Fox Broadcasting said on Monday that it would not pay fines totaling $91,000 for broadcasting a reality show episode that included graphic sexual scenes at a bachelor party.
And waterboarding isn’t torture, either: Justice Dept. Approves XM Merger With Sirius
The Justice Department’s antitrust division announced Monday that it approved the merger after determining that prices were not likely to rise, in part because of competition from other program sources, like high-definition radio as well as iPods and other MP3 players that can be connected to home or car audio systems. The deal, the agency said, was unlikely to hurt competition or consumers.
“In several important segments of their business, with or without the merger, the parties simply do not compete today and therefore the merger would not be eliminating any competition between them,” Thomas O. Barnett, assistant attorney general, said in announcing the decision.
In other segments of the market, XM and Sirius compete fiercely and, according to their balance sheets, unprofitably; both companies are saddled with debt.
It took some doing — and more than a year of “investigation” — for the Justice Department to come up with its undisclosed evidence and tortured logic to justify this strikingly anti-consumer decision. As precedent, it could be used to justify the merger of ABC with both CBS and NBC, Clear Channel with the Bonneville radio network or even Coke with Pepsi. The message it sends to business executives is clear: If you find yourself in a tough competitive environment, the best strategy is not to find a way to offer better products and services at a better price, but rather to call your investment banker and negotiate a truce with your biggest rival.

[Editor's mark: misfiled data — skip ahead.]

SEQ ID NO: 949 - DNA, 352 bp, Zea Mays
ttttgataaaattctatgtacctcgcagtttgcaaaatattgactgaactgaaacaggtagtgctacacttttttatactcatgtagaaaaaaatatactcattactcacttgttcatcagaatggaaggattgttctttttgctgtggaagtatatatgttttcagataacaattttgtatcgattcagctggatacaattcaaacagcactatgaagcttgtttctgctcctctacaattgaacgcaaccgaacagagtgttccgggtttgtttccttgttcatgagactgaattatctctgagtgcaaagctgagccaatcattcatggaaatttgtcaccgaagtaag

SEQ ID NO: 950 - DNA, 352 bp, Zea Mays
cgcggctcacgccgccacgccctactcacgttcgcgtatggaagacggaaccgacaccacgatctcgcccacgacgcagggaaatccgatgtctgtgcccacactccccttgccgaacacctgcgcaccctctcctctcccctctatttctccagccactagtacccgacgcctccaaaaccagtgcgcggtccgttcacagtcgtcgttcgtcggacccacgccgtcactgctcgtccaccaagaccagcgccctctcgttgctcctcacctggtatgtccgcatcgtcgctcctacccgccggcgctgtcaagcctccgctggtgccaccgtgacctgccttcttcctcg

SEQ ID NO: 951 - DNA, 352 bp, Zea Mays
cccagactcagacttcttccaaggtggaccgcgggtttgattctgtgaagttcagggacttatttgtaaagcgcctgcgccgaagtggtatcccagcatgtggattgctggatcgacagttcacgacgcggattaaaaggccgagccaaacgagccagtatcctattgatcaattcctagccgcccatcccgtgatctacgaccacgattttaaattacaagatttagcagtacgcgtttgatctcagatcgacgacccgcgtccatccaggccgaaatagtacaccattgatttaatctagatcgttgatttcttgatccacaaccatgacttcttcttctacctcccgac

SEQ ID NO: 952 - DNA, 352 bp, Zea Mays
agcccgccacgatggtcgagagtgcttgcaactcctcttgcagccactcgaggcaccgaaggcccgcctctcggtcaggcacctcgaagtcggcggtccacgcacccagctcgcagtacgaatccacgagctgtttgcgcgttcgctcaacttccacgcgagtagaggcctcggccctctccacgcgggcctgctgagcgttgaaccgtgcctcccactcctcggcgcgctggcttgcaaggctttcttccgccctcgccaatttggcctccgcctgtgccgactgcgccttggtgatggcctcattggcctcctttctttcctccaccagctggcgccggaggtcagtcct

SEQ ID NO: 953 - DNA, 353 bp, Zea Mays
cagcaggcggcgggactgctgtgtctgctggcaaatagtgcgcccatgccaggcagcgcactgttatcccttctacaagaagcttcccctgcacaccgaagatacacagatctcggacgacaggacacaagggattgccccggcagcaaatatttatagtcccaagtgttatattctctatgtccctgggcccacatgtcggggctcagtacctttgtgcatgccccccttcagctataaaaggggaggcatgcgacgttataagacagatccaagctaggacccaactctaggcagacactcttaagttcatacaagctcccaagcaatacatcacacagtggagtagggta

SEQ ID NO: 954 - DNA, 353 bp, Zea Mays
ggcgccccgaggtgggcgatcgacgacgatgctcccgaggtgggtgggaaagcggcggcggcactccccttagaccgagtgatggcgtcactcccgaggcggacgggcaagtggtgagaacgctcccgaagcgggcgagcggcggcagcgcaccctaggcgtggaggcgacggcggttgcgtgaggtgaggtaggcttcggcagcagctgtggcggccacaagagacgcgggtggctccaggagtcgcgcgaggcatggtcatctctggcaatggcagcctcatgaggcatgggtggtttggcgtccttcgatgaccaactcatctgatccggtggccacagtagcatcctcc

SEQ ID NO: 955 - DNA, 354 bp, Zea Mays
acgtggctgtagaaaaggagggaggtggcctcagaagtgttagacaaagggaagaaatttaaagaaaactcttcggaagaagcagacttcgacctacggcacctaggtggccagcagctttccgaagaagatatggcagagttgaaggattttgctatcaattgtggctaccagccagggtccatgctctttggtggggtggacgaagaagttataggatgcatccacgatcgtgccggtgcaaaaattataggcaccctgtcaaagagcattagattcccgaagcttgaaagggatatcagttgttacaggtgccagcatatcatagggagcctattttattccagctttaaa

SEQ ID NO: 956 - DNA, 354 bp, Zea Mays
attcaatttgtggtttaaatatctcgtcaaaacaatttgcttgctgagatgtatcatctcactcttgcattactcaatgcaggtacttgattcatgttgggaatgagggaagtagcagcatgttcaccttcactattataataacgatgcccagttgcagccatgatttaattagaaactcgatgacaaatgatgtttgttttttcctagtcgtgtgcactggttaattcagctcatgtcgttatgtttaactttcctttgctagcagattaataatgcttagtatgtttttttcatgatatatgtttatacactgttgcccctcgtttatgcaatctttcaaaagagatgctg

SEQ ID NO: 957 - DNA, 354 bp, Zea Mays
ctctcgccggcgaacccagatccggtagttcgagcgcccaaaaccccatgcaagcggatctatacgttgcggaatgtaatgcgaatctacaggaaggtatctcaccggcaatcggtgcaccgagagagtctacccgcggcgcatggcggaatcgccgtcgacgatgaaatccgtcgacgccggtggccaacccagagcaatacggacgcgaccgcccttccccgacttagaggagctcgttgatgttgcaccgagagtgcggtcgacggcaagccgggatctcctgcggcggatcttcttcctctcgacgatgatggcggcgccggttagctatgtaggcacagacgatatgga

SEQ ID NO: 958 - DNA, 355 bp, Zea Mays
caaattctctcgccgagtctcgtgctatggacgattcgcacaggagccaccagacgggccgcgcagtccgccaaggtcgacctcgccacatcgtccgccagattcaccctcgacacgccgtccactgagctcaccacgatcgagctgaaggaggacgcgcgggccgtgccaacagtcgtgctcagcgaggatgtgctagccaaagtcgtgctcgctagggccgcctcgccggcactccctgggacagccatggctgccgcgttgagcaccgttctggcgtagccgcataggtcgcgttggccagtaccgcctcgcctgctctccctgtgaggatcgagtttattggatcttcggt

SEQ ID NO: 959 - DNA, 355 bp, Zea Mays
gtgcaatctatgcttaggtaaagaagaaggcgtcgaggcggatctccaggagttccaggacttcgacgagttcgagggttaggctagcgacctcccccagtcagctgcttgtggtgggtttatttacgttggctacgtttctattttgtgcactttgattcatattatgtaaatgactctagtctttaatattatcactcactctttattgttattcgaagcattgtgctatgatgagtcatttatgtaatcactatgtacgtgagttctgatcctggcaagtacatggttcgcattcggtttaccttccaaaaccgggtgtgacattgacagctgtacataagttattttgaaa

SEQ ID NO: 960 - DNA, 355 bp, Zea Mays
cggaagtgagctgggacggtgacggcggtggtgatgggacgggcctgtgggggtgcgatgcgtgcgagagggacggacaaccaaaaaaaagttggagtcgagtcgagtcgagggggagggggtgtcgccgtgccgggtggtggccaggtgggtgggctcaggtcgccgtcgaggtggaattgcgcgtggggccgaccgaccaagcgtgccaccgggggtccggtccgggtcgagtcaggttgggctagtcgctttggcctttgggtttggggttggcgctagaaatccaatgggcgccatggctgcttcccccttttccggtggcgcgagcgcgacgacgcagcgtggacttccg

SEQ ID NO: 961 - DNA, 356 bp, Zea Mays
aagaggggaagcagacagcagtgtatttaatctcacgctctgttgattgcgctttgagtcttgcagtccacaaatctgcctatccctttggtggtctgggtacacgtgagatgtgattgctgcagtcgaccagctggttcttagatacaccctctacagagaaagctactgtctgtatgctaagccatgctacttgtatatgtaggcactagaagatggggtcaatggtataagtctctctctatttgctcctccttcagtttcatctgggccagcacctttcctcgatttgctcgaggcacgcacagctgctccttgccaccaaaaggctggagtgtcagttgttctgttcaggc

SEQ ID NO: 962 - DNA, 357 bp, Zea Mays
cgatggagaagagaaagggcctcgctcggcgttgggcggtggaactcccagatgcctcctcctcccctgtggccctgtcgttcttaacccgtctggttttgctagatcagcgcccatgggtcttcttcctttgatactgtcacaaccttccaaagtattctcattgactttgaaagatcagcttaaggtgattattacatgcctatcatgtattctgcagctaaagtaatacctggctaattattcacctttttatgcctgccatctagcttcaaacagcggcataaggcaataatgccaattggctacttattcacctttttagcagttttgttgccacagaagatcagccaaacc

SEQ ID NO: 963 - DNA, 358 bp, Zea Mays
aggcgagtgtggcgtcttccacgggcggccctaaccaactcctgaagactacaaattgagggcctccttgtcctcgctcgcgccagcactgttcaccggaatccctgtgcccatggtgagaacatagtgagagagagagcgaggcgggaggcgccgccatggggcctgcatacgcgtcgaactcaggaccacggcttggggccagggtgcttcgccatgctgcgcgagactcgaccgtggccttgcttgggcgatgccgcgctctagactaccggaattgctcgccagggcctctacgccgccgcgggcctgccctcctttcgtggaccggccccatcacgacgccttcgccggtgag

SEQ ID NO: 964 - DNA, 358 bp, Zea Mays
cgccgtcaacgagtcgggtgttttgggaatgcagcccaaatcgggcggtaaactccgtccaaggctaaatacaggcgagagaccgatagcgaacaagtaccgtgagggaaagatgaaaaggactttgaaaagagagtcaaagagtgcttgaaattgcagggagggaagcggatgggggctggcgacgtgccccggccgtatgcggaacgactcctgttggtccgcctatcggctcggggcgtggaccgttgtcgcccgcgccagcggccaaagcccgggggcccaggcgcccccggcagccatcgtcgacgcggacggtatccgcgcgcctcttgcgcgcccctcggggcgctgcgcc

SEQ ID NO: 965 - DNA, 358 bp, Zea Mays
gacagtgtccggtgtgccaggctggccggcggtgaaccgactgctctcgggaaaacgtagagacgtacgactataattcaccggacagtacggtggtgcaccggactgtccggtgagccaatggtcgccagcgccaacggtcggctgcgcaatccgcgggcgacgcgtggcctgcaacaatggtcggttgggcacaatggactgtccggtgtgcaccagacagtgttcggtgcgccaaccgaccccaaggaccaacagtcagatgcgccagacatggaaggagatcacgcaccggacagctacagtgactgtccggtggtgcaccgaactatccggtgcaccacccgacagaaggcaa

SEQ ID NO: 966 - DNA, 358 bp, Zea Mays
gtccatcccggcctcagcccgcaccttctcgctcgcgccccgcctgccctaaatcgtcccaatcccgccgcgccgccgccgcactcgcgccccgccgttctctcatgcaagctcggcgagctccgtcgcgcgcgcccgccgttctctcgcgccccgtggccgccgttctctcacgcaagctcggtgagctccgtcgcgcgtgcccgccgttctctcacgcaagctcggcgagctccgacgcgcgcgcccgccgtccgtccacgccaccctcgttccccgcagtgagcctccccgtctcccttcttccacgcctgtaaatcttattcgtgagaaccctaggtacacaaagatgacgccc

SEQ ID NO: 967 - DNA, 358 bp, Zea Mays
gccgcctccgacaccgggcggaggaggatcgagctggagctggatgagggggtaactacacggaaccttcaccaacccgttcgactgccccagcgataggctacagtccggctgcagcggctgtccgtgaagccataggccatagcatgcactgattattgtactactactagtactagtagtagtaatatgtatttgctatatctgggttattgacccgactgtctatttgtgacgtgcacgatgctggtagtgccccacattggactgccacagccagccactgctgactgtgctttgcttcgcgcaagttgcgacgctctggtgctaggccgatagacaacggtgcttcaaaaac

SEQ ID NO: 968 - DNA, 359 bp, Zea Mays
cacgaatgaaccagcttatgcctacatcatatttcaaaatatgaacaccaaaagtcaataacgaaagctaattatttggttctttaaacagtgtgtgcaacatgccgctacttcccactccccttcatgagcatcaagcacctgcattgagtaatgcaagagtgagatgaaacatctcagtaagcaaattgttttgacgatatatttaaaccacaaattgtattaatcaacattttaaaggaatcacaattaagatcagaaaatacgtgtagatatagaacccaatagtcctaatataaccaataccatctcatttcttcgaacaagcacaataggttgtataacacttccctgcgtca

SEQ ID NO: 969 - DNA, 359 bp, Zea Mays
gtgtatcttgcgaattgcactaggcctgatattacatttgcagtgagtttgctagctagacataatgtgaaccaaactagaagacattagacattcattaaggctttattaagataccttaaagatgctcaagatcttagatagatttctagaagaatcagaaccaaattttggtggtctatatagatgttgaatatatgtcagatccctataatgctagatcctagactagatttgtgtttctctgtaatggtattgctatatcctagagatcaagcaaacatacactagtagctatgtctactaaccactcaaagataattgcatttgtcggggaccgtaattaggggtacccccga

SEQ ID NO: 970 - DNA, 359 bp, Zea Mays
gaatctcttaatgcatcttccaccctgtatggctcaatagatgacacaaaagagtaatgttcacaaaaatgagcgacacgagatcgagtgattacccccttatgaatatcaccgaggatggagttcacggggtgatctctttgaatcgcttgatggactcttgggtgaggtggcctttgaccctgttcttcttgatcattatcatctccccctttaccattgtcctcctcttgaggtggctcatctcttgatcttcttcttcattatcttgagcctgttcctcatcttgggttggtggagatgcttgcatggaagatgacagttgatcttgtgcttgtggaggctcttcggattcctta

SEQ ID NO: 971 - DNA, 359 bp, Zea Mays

So to stand out, “The Dark Knight’s” alternate reality game (ARG for short) is mashing up advertising, scavenger-hunting and role-playing in a manner that variously recalls “The X-Files” and the play “Tony n’ Tina’s Wedding,” “The Matrix” and the board game Clue — all in the name of galvanizing a community of fans to bond (with the new Batman and each other) over the course of a wild goose chase.
Or to be more precise, a wild Joker chase — one that so far has involved clues spelled out in skywriting, secret meeting points, cellphones embedded inside cakes, Internet red herrings, DIY fan contests and even fake political rallies. Moreover, last week several players were nearly arrested in Chicago while engaging in civil disobedience to promote the movie; others have even been “kidnapped” and “murdered” over the course of the game.
Befitting the campaign’s covert-ops M.O., neither Warner Bros. nor 42 Entertainment would comment for this story. But as Jonathan Waite, founder of the Alternate Reality Gaming Network (www.argn.com) sees it, “The Dark Knight’s” multifaceted promo push transcends marketing to exist as a standalone cultural event.
“This is looked upon as viral marketing, but you have to look at it as an engrossing experience — you have people getting very attached to the game,” Waite said. “You’re not a passive onlooker, you’re taking an active role. And any time you take an active role, you’re emotionally connecting. That’s why people keep coming back: You make personal connections with others and a community gets built.”